Midlands Marine veteran to receive Medal of Honor
05/19/2014 4:26 PM
05/19/2014 8:35 PM
William Kyle Carpenter, a Marine Corps veteran from Gilbert who was severely wounded in 2010 while fighting in Afghanistan, next month will receive the Medal of Honor, the nation’s top award for valor, the White House announced Monday.
He is the third Marine to receive the Medal of Honor from the wars in Iraq and Afghanistan and the first South Carolinian to receive the decoration since the Vietnam War. He will be the eighth living recipient to be awarded the Medal of Honor for actions in Iraq or Afghanistan.
Carpenter, 24, was wounded when he threw himself on a grenade to save a friend and fellow Marine’s life. The young corporal lost his right eye and most of his teeth. His jaw and right arm were shattered and he has undergone dozens of surgeries.
Carpenter was a student at the University of South Carolina last fall studying physical education. He could not immediately be reached for comment.
President Barack Obama will award Carpenter the Medal of Honor on June 19, at a ceremony at the White House “to commemorate his example of selfless service.”
Retired Maj. Gen. James Livingston, the only remaining Medal of Honor recipient living in South Carolina, called Carpenter “an exceptional role model.”
“He will be an excellent example for his generation and especially for his generation of Marines,” Livingston told The State from his home in Mount Pleasant. “He’s got a big requirement in front of him, but he will do a great job.”
S.C. Gov. Nikki Haley also offered well wishes to Carpenter Monday.
“Kyle’s story is one of tremendous patriotism and selfless service and represents the very best of what our military men and women are willing to sacrifice while defending the liberties we all hold so dear,” she said in a release. “He has made his nation proud, and Michael and I join all South Carolinians in sending our most sincere congratulations and gratitude to Kyle and his family.”
Carpenter was born in Flowood, Miss., on Oct. 17, 1989, and graduated from W. Wyman King Academy in Batesburg. He enlisted in the Marine Corps in February 2009 in Columbia and completed his basic training at the Marine Corps Recruit Depot at Parris Island later that year.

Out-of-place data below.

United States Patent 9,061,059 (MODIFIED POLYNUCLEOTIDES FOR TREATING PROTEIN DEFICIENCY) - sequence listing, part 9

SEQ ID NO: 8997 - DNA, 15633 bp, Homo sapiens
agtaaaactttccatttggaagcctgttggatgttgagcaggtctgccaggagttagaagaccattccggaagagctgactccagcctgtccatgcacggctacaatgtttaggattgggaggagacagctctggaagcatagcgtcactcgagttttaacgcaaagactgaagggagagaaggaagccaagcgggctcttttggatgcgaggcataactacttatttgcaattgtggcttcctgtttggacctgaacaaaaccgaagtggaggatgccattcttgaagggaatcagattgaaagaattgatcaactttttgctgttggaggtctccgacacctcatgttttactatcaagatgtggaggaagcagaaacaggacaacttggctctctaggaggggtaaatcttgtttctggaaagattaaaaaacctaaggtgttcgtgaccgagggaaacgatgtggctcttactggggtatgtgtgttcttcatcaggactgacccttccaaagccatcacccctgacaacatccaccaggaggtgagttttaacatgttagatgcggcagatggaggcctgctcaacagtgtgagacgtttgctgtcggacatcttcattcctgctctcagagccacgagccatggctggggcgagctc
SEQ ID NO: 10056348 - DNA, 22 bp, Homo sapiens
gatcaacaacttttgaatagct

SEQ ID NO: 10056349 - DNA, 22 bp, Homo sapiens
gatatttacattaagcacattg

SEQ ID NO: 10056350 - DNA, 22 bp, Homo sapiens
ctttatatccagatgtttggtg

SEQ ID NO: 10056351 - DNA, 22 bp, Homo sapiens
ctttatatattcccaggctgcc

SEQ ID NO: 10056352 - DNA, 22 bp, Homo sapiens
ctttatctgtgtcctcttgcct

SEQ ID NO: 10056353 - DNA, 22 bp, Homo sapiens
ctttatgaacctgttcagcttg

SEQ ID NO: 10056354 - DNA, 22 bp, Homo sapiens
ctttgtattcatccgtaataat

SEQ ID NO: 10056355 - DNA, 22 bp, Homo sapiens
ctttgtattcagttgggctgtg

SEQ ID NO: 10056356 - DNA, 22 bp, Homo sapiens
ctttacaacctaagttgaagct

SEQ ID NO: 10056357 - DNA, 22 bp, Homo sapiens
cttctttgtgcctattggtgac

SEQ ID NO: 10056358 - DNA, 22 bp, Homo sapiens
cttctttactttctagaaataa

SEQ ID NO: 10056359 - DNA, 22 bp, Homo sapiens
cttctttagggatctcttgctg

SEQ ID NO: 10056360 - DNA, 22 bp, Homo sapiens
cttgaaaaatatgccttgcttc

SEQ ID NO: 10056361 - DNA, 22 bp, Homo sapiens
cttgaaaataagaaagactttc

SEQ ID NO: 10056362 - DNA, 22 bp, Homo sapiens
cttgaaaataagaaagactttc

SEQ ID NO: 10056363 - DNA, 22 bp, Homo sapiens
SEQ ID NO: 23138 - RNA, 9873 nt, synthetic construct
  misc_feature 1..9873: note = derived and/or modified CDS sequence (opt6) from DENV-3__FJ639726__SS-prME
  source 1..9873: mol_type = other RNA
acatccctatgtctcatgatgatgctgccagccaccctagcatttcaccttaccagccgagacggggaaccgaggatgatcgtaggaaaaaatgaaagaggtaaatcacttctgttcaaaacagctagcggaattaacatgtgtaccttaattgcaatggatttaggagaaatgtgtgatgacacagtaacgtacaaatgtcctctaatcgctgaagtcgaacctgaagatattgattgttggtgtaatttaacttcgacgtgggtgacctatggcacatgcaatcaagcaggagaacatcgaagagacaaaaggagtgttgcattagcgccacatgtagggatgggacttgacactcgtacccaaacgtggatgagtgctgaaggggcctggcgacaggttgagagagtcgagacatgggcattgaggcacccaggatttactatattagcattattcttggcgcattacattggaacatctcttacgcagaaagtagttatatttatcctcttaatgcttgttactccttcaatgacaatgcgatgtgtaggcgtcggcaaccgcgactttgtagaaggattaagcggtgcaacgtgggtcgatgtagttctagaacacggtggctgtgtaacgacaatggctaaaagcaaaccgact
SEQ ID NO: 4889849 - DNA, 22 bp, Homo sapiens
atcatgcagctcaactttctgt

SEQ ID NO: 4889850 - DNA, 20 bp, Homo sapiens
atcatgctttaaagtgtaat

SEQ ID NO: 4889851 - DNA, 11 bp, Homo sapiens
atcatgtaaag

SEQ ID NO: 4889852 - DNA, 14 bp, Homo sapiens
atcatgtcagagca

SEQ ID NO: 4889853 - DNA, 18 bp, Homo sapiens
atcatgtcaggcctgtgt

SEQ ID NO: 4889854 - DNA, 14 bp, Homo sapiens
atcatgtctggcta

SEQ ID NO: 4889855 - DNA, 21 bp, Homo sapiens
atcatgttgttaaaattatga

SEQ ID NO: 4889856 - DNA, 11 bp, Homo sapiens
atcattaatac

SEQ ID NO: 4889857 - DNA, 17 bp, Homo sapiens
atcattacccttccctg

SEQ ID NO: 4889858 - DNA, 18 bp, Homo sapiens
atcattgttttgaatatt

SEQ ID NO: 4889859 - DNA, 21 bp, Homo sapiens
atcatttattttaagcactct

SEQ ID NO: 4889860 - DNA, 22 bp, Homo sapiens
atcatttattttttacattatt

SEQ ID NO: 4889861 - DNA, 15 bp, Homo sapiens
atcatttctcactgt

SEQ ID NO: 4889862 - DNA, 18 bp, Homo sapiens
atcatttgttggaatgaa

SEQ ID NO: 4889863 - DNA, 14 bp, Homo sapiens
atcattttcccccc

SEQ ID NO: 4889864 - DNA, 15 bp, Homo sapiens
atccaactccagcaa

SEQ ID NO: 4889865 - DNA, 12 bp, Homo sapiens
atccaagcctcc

Carpenter, in a 2011 interview with The State, said his unit in 2010 was fighting in a village they called Shadier because it was between two other villages they named Shady and Shadiest. During the firefight, a hand grenade landed in front of Carpenter and his best friend in Afghanistan, Cpl. Nick Eufrazio of Plymouth, Mass.
Carpenter absorbed most of the blast, which took his right eye, many of his teeth and mangled his right arm, among other injuries. A sliver of shrapnel went into Eufrazio’s brain.
Carpenter just remembers seeing the grenade. Then a white flash. Then a fellow Marine telling him he would be fine. Then, four weeks later, he woke up in a hospital in Germany.
“The second I woke up, I saw my family by my bedside,” he said at the time. “I took 99 percent of the blast. But one little piece of shrapnel got by me and went into (Eufrazio’s) brain.”
Both men were treated at the Walter Reed National Military Medical Center at Bethesda, Md.
After the story in The State, Carpenter was featured in two stories in the Marine Corps Times in 2012, a feature story in Readers Digest and on syndicated talk shows.
Marine Staff Sgt. Michael Kroll, Carpenter’s platoon sergeant, told Marine Corps Times that no one in the unit knows exactly what happened, but “our feeling has always been that Kyle shielded Nick from that blast.”
In an interview Monday with the Washington Post, Carpenter said he received the phone call from President Obama formally notifying him that he would receive the award, while surrounded by his family, he said.
Carpenter credited the Marines in his unit — 2nd Battalion, 9th Marines, of Camp Lejeune, N.C. — for saving his life and helping him recover, the newspaper reported. Many of them will be attending the ceremony.
“They’ve absolutely been a tremendous support and a tremendous help through this journey, and I feel comfortable that I could call many of them,” he told the Post. “I feel like we’ll always be there for each other and have a special place for each other.”
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